February 18th, 2013 at 2:07 PM ^

So as your stats work shows (and thanks again as always for the great charting work), our defensive stats have all been trending downward as of late.  What percentage of the following possible explanations would you attribute that slide towards?

  • Morgan's injury
  • Tougher competition in terms of the offenses we face in the B1G
  • General exahustion from rough schedule
  • Not playing the zone defenses that Coach B is known for and has used more in the past, i.e. the 1-3-1 that drives some teams nuts
  • Defensive lack of hustle/heart/grit/Novak
  • Too many freshmen
  • Other teams figuring out our weaknesses and exploiting them
  • Some other mystery causing regression by the players on the team as the season wears on

I personally would break it out as follows:

  • No Morgan: 5% - I think his absence hurts us more on O than D given his backups
  • Tougher Os in B1G than in OOC: Not so sure on this one, OSU, PSU and Wisc's Os tend to suck outside of when they play us, but when they play us they're on fire. I'd say 5%
  • Exhaustion: 15%, especially in the last 5 games.
  • Not going to the zone: 15%. With how weak some of our defenders are in man coverage, why aren't we breaking out the 1-3-1 more?
  • Lack of Novakian qualities: 20%.  How many times have you wanted to scream at your TV when you see someone dogging it back on defense, especially GRIII?
  • Too many freshman:  15% GRIII and Stauskas seem to be defensive liabilities.  McGary gets out of position sometimes, but he at least has some major hustle.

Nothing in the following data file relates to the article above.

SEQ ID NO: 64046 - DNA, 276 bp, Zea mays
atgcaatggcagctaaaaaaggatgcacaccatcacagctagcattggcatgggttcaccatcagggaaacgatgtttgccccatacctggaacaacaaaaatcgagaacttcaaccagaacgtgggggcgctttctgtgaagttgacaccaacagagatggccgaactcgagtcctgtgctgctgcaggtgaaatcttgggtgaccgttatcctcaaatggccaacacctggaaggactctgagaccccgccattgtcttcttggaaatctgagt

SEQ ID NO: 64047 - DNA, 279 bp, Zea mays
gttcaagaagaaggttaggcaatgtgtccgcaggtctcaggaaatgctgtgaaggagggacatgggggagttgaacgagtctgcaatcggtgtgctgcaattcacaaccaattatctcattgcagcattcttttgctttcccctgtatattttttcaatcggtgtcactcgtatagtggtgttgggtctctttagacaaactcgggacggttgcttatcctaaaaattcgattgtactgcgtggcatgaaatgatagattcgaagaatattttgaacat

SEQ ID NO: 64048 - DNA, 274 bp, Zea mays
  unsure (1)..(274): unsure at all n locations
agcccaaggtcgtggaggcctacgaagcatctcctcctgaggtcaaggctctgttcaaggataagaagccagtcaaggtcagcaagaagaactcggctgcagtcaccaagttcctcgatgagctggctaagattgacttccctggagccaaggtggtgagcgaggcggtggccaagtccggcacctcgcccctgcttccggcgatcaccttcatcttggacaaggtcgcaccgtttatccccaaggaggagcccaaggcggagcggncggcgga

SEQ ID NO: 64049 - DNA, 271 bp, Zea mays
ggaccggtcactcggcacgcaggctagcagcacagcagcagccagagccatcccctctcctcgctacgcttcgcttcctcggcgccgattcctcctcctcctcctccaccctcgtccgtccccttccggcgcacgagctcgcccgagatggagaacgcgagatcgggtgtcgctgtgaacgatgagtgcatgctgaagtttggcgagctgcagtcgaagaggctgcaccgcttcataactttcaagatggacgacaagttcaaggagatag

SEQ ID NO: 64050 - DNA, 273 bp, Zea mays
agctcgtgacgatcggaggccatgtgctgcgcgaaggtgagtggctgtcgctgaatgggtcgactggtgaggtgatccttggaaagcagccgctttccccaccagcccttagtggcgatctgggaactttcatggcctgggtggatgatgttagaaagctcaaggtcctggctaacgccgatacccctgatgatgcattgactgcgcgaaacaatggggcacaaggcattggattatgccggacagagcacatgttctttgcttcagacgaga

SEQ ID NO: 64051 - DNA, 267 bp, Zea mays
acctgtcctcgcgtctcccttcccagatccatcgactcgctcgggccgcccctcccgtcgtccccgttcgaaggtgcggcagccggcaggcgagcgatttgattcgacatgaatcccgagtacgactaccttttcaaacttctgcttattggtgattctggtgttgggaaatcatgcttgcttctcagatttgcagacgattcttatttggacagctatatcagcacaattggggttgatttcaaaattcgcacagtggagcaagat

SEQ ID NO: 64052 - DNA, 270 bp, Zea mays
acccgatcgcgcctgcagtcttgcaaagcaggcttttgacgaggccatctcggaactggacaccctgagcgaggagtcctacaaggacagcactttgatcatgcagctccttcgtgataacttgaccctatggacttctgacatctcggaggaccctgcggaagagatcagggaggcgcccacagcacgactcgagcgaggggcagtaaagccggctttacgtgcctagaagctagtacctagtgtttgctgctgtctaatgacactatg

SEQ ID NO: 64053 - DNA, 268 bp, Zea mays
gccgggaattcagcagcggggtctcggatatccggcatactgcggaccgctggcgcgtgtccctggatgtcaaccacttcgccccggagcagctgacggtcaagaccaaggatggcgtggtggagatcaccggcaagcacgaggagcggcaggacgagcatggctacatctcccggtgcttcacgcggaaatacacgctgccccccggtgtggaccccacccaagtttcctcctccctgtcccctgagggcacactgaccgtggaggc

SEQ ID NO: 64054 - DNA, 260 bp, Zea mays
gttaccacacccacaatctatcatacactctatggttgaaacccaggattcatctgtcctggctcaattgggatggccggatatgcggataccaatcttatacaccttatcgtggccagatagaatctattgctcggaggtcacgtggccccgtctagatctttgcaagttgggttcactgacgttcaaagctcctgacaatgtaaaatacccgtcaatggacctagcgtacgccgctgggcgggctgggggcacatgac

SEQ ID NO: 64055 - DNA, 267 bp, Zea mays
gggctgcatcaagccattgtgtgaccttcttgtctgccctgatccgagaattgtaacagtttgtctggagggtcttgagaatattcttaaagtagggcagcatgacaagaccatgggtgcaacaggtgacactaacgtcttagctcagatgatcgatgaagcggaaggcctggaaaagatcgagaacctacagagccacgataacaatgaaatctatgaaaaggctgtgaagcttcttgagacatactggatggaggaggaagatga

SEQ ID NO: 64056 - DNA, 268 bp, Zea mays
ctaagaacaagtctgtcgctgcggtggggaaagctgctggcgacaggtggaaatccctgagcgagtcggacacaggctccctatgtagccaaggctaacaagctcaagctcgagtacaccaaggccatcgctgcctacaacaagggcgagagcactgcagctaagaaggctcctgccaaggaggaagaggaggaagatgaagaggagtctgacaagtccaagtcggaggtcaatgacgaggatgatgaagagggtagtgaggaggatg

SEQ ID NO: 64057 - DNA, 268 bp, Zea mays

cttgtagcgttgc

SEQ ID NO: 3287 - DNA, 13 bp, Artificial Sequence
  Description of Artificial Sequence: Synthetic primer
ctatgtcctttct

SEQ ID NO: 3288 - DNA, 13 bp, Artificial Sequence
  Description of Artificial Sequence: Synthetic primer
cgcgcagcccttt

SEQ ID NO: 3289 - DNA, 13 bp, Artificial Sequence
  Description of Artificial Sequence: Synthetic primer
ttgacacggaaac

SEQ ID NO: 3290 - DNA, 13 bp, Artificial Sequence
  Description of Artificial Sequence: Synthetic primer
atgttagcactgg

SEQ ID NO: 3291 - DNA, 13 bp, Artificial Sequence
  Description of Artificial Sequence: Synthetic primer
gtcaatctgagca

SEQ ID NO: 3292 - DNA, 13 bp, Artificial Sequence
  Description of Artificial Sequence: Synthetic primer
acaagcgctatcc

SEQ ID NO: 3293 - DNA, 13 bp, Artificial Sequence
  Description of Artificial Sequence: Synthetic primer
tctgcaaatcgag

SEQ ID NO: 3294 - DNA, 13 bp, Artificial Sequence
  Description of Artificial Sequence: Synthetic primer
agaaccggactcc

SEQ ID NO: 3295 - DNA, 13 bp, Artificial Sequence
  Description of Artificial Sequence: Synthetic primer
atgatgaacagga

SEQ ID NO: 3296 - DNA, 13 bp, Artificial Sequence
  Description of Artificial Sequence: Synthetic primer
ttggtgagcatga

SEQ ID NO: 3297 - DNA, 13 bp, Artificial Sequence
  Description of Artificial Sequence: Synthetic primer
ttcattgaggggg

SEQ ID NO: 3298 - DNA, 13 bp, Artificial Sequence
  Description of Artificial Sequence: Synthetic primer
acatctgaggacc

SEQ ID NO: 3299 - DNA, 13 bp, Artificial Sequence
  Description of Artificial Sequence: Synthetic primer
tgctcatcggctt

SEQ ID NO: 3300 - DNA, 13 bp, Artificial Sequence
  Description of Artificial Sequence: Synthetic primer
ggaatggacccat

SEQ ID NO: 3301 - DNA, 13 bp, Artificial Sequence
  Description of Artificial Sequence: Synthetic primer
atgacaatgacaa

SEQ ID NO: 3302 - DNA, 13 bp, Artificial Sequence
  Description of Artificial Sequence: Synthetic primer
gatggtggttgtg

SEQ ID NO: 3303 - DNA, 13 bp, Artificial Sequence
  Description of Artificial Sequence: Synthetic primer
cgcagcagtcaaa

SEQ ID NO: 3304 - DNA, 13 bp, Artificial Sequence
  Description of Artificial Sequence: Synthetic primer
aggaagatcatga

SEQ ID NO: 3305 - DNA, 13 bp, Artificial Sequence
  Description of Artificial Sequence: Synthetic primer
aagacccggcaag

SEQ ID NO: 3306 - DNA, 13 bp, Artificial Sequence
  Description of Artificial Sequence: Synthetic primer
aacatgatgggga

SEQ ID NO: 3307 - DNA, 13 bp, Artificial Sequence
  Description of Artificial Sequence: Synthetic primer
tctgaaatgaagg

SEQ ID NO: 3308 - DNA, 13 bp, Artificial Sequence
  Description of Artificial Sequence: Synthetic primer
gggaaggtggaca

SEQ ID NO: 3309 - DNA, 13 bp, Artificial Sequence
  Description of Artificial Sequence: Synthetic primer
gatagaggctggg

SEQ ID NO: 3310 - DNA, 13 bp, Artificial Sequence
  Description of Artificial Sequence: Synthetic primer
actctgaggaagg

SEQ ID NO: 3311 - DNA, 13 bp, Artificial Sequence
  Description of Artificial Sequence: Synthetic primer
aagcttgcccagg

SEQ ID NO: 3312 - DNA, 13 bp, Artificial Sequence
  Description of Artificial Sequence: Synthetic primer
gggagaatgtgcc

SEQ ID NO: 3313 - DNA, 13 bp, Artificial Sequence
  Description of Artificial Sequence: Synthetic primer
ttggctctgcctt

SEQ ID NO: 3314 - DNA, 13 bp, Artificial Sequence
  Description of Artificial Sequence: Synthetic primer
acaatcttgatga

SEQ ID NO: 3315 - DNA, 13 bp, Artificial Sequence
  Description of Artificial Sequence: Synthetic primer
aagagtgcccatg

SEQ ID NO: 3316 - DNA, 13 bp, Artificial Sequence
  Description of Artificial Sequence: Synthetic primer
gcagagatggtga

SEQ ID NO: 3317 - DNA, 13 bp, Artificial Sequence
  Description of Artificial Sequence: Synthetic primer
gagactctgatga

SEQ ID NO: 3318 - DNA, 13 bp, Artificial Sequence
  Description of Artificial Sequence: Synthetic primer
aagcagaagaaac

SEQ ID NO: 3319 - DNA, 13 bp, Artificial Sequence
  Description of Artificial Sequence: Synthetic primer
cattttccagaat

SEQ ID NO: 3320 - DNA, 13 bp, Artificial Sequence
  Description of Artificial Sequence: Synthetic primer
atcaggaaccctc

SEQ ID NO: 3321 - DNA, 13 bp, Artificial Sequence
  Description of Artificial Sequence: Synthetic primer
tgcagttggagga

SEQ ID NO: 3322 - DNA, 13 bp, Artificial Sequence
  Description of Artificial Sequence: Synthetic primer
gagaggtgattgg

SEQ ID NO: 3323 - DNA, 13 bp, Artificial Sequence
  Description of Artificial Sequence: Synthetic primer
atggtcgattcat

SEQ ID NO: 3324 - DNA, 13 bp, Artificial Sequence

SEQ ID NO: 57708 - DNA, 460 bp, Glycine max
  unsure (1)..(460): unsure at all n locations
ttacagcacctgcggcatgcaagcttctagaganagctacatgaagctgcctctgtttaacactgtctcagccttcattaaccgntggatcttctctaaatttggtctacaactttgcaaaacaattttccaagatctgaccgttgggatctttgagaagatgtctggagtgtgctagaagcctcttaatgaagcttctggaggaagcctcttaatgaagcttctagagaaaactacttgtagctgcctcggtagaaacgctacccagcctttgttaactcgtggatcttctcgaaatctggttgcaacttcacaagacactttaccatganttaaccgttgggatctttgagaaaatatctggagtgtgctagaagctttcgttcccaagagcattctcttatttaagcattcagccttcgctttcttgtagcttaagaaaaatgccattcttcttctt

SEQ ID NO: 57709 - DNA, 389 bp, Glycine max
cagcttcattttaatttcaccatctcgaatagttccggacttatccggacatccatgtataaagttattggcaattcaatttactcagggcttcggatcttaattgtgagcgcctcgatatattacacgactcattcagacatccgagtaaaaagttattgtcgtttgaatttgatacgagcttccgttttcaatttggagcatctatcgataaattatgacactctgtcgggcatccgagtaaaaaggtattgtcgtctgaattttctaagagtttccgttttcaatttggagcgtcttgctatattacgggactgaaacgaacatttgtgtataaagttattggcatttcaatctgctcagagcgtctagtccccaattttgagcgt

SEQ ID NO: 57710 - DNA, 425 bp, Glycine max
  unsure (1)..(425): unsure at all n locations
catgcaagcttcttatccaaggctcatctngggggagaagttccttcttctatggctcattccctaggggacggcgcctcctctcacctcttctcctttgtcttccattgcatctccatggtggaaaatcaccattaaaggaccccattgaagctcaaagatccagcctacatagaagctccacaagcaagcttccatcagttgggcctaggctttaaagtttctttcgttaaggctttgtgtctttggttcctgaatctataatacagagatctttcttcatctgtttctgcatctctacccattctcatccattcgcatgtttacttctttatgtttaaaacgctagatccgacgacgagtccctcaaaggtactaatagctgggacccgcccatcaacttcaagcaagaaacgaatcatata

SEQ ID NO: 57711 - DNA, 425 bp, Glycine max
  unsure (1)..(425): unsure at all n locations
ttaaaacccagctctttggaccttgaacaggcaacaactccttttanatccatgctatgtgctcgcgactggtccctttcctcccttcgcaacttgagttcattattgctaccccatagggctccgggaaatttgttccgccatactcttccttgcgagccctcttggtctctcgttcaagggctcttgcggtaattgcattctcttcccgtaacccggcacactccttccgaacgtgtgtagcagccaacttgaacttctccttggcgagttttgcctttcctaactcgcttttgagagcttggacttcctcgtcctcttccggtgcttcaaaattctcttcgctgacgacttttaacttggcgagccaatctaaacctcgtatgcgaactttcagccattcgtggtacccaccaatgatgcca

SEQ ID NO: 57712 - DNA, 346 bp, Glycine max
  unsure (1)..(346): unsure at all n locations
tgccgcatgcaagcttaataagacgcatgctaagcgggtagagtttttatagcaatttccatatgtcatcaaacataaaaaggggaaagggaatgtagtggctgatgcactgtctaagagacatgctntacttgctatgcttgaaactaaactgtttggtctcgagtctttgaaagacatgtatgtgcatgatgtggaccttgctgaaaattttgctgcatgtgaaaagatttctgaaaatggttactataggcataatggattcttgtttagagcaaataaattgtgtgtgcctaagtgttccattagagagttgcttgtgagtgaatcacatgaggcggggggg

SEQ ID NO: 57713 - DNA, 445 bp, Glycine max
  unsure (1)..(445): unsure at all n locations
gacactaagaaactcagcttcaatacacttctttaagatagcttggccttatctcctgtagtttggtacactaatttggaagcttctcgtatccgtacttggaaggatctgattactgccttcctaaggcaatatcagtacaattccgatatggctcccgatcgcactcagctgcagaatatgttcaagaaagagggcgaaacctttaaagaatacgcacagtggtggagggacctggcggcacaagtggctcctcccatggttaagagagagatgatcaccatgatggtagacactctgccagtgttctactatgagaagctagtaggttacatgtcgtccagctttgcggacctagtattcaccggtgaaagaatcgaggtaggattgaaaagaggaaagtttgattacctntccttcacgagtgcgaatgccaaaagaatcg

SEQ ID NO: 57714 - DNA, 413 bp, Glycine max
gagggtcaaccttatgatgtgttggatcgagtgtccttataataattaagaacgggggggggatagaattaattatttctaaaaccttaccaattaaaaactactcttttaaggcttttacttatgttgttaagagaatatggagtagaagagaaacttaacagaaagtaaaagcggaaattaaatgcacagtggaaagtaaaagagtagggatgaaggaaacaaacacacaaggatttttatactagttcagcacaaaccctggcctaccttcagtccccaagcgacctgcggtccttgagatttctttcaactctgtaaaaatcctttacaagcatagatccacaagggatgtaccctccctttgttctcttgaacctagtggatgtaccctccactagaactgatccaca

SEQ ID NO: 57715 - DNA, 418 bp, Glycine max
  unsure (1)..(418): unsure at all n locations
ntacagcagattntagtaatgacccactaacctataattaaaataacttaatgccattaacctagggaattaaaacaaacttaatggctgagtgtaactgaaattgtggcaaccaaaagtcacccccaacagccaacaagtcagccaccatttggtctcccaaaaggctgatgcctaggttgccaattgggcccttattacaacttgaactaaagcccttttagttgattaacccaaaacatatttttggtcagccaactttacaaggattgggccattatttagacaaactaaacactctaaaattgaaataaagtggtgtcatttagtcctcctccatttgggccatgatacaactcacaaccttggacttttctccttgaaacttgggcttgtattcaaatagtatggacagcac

• Other teams scouting: 15% the B1G has some smart coaches that are able to shut down our offense with their schemes, so I'm sure they are able to exploit our D weaknesses as well.
  • Mysterious other: well, I've got 10% left after my distribution, so maybe it goes here?  I dunno.  Maybe they hung out with Shane and got mono?






snarling wolverine

February 18th, 2013 at 2:26 PM ^

No Morgan: 5% - I think his absence hurts us more on O than D given his backups

Why do you think this? Big Ten Geeks crunched the numbers and found that Morgan, pre-injury, was the most productive defender in the entire conference based on its "stops" metric.


I would put the lack of a functional Morgan a lot higher - like 20% or more.



February 18th, 2013 at 2:45 PM ^

I guess I just didn't understand and realize how much Morgan contributed on D.  I thought I saw Brian do a stats comparison between him and McGary that didn't show as much of a drop-off between the two on D.  So based on some feedback from the OP on twitter and your informative post above, I'd reclassify him to at least 15% and get rid of the mysterious other category altogether.


February 21st, 2013 at 11:06 AM ^

I would agree that Morgan deserves this 15%, or maybe even more. He is the play caller out on defense. He has the most experience on the court for us, and his ability to on-the-court coach the freshman on how to handle ball screens, pick-and-rolls, etc. is something that Horford or McGary can't replace.

I think he is literally the glue that holds our defense together. 

He definitely chose the wrong time to roll his ankle...

OT: This is why I'm so invested to see how we do against Illinois this weekend. If he is back to 100%, I would like to see a defense that doesn't allow easy lay-up all game long. Illinois doesn't have a dangerous post man or anyone that should over power Morgan, so I think this could be the game to finally find our defense again.